Debra Sweet | May 10, 2023
We started with a very new experience – speaking for two hours with graduate diplomacy/security students in France. The entire discussion was in English, a language in which they’re fluent. Presentations were made by Will Griffin and Joe Urgo.
Their questions were thoughtful and deep. Here are a few examples:
“Joe, Will, thank you both for your shattering presentations and for your courage in coming to speak to us about your experiences. You both joined the military to serve your nation’s interest but the things you saw made you realize that the aggressiveness of American defense policy and especially the racism, xenophobia and systemic misogyny within its ranks and towards all foreigners served only violence rather than protecting the interest of American citizens. Today, as a veteran and American citizen, do you have renewed confidence in the state? And how do you feel today: angry, desperate, or hopeful that American ethnocentrism and the violence more generally in our societies will gradually disappear?”
“As someone of Vietnamese descent, your testimonies were really insightful. I noticed that you have not mentioned Agent Orange, the herbicide that was sprayed by the U.S. Air Force on Vietnamese forests. Last year, a French victim made international headlines by suing in a French court several U.S. multinationals that sold the agent to the U.S. government. In the end, they were not held accountable at all. The generational trauma and health issues of the victims were never acknowledged by the U.S. government either. I was wondering if you could comment on that.”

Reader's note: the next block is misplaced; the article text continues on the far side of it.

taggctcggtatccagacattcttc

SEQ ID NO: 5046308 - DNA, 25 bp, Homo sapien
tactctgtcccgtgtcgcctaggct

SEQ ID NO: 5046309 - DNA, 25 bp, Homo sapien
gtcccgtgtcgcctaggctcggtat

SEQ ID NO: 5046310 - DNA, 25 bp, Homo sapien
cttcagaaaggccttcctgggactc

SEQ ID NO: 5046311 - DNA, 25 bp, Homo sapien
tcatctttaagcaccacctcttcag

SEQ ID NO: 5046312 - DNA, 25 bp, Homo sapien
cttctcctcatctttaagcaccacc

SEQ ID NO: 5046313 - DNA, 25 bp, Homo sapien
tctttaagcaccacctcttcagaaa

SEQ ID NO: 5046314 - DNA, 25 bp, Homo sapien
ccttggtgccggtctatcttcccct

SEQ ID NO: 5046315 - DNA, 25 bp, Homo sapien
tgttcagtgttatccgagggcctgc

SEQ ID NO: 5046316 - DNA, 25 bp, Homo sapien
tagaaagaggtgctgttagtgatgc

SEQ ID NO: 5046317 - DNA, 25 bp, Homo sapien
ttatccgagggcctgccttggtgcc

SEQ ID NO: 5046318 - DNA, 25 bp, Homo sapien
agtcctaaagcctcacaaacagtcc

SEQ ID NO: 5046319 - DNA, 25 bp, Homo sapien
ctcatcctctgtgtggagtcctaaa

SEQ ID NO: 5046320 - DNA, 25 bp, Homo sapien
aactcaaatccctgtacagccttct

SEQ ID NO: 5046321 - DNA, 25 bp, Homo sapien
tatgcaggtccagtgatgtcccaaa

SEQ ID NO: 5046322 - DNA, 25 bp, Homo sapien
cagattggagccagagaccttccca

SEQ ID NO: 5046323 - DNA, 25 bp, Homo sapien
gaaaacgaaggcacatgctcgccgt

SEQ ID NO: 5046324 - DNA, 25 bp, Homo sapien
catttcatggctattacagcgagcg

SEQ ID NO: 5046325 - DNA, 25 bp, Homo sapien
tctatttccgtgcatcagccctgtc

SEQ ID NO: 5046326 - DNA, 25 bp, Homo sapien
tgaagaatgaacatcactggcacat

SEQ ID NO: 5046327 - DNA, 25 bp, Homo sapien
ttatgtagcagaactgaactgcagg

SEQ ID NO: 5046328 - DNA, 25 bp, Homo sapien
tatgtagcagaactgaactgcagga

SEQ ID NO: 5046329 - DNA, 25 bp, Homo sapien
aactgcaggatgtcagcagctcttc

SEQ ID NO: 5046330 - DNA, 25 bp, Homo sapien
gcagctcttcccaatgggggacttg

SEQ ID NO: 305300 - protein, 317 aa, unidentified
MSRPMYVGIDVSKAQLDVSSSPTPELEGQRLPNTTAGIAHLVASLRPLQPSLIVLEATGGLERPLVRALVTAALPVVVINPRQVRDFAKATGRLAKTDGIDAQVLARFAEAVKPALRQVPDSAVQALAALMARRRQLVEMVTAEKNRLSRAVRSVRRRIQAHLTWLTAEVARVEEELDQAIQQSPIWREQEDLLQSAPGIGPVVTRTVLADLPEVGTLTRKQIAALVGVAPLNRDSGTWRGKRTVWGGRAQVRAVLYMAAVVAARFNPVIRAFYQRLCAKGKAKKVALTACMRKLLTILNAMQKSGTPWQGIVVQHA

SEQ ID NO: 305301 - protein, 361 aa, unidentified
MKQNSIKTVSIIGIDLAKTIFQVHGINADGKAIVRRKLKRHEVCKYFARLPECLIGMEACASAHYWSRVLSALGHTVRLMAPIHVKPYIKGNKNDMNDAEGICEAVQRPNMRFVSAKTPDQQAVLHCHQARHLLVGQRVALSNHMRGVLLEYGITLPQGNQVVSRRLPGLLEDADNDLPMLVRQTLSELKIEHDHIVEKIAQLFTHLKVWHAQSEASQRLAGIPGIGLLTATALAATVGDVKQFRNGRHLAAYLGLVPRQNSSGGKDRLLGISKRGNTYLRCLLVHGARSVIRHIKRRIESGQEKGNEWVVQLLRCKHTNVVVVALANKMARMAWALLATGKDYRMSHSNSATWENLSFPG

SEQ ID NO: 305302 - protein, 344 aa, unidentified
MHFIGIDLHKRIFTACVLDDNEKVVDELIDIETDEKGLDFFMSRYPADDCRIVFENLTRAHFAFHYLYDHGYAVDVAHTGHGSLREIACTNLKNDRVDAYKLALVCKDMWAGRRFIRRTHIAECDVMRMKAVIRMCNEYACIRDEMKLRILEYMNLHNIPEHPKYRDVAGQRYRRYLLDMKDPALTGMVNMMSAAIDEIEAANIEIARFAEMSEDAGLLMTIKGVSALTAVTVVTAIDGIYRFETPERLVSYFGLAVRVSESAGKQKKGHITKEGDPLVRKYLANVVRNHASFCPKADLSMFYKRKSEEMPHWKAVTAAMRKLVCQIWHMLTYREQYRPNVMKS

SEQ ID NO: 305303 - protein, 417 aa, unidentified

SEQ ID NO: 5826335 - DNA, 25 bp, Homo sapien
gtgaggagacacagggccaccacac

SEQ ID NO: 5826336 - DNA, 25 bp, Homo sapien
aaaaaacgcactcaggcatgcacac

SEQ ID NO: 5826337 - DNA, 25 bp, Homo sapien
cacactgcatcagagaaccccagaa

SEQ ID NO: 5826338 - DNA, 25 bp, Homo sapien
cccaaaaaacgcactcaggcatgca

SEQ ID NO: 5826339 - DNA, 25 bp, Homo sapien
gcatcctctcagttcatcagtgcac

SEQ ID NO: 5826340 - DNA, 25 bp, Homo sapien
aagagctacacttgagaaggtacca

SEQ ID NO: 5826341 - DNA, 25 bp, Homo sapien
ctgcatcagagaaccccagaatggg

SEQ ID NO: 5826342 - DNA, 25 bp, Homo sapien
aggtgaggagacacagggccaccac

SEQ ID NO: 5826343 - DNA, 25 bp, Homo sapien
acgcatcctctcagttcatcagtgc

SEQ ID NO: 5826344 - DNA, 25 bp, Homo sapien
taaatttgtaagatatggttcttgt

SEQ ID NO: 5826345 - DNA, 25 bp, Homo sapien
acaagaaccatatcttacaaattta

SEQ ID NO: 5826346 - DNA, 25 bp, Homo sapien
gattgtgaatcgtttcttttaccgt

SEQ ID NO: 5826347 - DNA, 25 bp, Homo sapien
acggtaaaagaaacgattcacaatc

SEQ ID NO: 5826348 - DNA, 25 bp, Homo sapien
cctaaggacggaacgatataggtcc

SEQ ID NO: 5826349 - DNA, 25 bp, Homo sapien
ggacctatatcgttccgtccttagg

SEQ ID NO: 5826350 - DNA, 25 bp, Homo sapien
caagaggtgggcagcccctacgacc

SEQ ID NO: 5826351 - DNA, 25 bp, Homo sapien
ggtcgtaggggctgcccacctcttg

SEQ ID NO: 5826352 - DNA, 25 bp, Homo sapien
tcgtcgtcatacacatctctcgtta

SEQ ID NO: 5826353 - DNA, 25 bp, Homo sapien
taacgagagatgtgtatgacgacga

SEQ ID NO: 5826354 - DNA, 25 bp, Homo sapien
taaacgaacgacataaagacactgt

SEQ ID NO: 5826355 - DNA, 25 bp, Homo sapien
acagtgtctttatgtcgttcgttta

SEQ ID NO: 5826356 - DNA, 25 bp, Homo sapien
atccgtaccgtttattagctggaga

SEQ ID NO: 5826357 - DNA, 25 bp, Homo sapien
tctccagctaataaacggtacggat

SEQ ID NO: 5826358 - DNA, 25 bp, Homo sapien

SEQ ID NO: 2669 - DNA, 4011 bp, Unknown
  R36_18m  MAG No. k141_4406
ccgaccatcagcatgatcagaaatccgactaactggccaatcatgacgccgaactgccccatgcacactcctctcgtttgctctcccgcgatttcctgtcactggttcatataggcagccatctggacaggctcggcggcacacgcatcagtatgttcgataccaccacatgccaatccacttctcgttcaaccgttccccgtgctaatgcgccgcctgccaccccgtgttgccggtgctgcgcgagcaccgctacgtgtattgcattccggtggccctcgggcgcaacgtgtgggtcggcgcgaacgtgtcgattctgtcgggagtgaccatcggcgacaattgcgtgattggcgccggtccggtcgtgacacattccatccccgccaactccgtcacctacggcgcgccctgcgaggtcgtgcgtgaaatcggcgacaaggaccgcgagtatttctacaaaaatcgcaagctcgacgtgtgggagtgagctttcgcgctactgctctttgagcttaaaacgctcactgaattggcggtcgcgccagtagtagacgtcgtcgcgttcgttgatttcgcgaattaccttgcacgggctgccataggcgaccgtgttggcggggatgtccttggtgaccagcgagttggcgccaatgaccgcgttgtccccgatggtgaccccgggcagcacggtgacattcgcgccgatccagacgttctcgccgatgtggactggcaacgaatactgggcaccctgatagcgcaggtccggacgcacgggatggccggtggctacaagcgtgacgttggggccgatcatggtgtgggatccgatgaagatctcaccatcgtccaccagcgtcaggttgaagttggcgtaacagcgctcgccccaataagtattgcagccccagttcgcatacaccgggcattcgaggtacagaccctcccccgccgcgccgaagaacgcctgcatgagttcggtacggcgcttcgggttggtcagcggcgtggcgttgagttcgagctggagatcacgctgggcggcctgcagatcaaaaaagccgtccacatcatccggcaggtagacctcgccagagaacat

“Thanks a million for these insightful interventions. Joe, you said no easy questions so I will ask a personal one to both of you. Your anti-war fight seems, to me, like a David and Goliath fight, especially when you look at the growing importance given to the army in most countries. Do you ever doubt the real impact you achieve through your honorable activism? Do you have any experience to share with us? How do you keep up your faith?”
One student sent us this message at the end:
“Thank you for taking the time to share with us your experiences in the military. For young people studying security it is so very important to attend to presentations showing the other side of the ledger. I think your level of detail and your anecdotes were much appreciated as they concretized your stories. Moreover, I am certain some students, including me, would have liked to talk longer with you in a less Q&A-type of format. Two hours was good enough for the formal presentation but a continuation (at the pub?) would have been most welcomed if the ocean did not separate us.”
Our visits continued.
We also went to a women’s studies class in a community college on Long Island NY where Joy Damiani presented and then answered questions which focused on issues such as assault, concerning women in the military. Will Griffin spoke to two classes at a New York City community college which had recently viewed the documentary, “Why We Fight.” Will then headed, again virtually, to North Carolina to present to two community college classes there which have been studying the Milgram and Stanford Prison experiments. Miles Megaciph completed the April visits with presentations, sharing his experiences creatively through performances of his music, to four classes at a large NYC public high school.
One of the students wrote Miles, “Thank you for being so expressive, heartfelt and insightful” while another said, “Thank you for sharing your heart-breaking experiences.” The teachers noted, “So many students found your words and emotions moving and are eager now to do their own research.”